Should the average investor use an investment advisor? I used to think no, but now I would say yes.
I thought no because investing well isn’t that hard on the surface. In its simplest form, you invest in a Vanguard Target Retirement fund closest to the year you will retire. Done deal.
If you can’t invest in a Vanguard Target Retirement fund because it’s not in your 401k, you can mimic it. Look at how much it invests in stocks versus bonds, and how much in the US versus international. You will end up with three mutual funds in your 401k: a US stock fund, an international stock fund, and a bond fund, like this:
How hard can it be?
However, the average investors don’t invest that way. My co-workers sitting next to me sometimes talk about their stocks. They talk about when they bought this or that stock and whether it’s time to sell. When I went camping with a group of people, a woman told the group around the camp fire she switched everything in her 401k account to money market because she thought a crash was coming.
If you ask random people at your workplace “what’s your asset allocation for your retirement?” How many do you think will be able to tell you? If you get to see the investments in their 401k and IRAs, what percentage do you think have a risk-appropriate portfolio that’s within plus or minus 10 percentage points of a Vanguard Target Retirement fund?
These average investors will be better off if they use an investment advisor. Not just any random investment advisor, but a good one at an affordable price.
That’s the other hurdle of using an investment advisor. If you don’t know where to go, it’s very easy to find a salesperson as an investment advisor. You can’t just go by who appear to be knowledgeable and trust-worthy. When you don’t know much, a good salesperson who talk a good talk will appear to be knowledgeable and trust-worthy. Their training makes them master the art of making you trust them.
The best deal in financial advice comes from Vanguard Personal Advisor Services that charges 0.3% a year with a minimum investment of $50k. On a $100k portfolio, that’s only $300 a year or $25 a month; it’s less than most people’s cell phone bills. It gets your money invested right and you also get access to a personal financial advisor all year long. In my opinion it’s the best deal for investing $50k to $1 million.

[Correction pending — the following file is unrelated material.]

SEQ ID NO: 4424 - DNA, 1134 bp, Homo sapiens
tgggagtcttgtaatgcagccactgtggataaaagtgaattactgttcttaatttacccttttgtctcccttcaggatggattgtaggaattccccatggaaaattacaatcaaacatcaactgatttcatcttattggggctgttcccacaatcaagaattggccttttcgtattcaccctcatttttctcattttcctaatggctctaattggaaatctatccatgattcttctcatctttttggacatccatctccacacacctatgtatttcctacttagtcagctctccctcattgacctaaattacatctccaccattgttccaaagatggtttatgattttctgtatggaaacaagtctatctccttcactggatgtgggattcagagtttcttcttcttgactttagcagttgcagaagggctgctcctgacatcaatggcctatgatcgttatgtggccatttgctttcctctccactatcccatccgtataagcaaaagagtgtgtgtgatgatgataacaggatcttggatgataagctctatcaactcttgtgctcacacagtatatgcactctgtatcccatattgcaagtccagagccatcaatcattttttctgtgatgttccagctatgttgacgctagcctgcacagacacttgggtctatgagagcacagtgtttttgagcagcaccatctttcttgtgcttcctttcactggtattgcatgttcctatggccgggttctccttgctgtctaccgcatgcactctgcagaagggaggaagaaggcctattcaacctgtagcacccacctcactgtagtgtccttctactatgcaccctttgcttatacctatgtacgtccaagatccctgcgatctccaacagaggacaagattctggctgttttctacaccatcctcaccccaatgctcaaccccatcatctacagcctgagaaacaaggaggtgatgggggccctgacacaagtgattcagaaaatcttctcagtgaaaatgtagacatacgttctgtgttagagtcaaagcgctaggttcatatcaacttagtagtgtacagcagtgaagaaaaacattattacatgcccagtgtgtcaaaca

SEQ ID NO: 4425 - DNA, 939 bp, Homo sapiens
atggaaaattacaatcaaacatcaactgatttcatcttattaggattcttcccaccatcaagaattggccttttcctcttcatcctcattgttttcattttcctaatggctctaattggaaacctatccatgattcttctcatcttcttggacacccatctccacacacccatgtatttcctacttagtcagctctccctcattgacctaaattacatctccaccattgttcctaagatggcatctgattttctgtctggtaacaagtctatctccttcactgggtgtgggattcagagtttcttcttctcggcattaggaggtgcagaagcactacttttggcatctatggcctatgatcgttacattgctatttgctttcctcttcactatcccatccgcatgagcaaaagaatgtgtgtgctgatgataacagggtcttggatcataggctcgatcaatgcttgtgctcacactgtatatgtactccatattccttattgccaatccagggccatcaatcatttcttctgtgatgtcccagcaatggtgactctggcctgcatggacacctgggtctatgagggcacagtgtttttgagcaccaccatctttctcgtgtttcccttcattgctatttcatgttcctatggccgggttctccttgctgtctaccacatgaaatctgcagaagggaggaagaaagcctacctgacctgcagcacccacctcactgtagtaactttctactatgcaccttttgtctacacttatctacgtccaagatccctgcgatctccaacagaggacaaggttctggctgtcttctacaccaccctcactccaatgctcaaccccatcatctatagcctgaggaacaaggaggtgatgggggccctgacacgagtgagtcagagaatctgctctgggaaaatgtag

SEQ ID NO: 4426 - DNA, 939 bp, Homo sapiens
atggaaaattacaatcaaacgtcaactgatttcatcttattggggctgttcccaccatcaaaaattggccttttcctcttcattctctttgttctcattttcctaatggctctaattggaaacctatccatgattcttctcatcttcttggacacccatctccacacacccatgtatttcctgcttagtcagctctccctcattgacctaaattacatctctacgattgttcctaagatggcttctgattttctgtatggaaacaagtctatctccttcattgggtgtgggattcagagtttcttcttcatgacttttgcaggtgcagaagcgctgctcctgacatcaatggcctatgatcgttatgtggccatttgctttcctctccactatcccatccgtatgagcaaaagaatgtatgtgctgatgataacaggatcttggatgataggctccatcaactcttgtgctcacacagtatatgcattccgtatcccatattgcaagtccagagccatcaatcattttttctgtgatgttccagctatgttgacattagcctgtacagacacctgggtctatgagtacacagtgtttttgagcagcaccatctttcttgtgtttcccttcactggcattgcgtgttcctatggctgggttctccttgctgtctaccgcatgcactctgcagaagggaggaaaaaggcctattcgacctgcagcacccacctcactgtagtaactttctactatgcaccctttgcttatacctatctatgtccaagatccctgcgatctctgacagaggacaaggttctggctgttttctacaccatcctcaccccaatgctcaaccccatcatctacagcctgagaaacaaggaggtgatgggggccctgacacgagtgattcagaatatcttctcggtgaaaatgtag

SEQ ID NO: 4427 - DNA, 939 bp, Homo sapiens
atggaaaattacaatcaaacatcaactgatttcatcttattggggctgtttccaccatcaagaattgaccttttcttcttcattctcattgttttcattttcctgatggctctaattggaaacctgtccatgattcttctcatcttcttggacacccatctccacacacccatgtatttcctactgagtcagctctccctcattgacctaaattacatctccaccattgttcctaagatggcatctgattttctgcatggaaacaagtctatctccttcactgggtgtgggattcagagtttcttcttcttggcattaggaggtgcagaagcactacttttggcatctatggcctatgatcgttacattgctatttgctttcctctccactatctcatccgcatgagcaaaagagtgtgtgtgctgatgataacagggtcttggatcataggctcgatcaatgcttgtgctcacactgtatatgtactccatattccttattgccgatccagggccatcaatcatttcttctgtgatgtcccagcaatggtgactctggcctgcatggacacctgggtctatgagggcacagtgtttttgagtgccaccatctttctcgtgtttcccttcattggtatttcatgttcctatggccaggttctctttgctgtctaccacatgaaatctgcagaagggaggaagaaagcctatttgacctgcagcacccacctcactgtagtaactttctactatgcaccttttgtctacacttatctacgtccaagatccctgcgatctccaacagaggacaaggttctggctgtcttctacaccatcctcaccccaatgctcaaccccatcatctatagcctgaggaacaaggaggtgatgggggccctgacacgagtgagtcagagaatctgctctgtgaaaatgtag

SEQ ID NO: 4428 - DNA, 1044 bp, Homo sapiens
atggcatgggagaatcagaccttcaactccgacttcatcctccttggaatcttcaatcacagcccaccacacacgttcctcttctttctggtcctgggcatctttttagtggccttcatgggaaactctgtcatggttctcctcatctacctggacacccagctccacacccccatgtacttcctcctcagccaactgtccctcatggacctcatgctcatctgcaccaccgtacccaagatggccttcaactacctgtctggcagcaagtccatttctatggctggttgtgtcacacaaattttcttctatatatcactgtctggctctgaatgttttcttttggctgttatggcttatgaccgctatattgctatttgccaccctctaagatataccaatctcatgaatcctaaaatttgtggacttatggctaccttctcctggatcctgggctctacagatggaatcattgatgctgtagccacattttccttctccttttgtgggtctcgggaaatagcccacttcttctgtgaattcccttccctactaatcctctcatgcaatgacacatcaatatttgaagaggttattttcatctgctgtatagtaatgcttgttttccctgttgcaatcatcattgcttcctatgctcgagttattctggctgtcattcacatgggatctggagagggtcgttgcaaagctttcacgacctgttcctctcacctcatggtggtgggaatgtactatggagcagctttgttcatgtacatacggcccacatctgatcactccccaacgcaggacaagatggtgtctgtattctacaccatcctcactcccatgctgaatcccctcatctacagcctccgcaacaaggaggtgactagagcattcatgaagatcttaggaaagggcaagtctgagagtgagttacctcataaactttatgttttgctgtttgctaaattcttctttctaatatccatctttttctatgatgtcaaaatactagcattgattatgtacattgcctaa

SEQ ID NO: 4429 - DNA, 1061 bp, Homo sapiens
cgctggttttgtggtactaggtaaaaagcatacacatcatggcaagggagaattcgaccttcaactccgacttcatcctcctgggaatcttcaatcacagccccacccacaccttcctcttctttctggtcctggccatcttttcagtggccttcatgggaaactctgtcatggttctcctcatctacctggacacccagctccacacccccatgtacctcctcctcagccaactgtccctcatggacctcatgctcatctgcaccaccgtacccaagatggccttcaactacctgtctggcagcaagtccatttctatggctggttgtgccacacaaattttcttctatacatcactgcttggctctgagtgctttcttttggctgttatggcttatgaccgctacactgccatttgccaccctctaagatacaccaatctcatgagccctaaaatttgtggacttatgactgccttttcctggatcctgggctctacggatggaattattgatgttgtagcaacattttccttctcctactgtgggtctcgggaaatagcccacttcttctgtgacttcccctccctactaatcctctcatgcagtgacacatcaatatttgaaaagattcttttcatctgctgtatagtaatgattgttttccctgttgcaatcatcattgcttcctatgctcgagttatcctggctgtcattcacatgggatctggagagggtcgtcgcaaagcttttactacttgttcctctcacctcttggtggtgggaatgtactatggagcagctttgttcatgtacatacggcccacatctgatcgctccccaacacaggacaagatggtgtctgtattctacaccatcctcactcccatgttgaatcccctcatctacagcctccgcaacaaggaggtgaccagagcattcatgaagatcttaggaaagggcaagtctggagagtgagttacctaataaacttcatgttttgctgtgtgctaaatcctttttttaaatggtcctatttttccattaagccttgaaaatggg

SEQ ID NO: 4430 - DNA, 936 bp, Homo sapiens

Some may quibble how Vanguard’s service isn’t perfect. Considering the alternatives for the average investors, I would say it’s more than adequate. It’s better than what the average investors are doing now and it’s better than what they will likely find if they throw themselves out to the open sea.
If you don’t care about talking to a human advisor and you just want your money invested, you can use an automated service such as Betterment. Betterment charges only 0.15% if you invest $100k or more.
Once your portfolio goes above $1 million, you have more options, although Vanguard’s fee at 0.3% per year is still competitive. The fee numbers below are of course subject to change by the respective advisors.
- Cardiff Park Advisors offers services for a flat fee of $3,000 to $6,000.
- Evanson Asset Management offer services for a flat fee of $2,500 to $6,000.
- Bason Asset Management offers its service at $4,500 per year per client relationship.
- Altiora charges $6,000 per year for investment planning and management.
- Portfolio Solutions offers its service at 0.37% per year for up to $3 million.
Although most don’t like to admit, it’s very easy to be overconfident in one’s ability to resist behavioral mistakes. The hidden cost of such behavior can be many times the investment management fee we pay to an advisor. I think most investors will be better off using one of the advisors mentioned in this post.
[Photo credit: Flickr user SalFalko]
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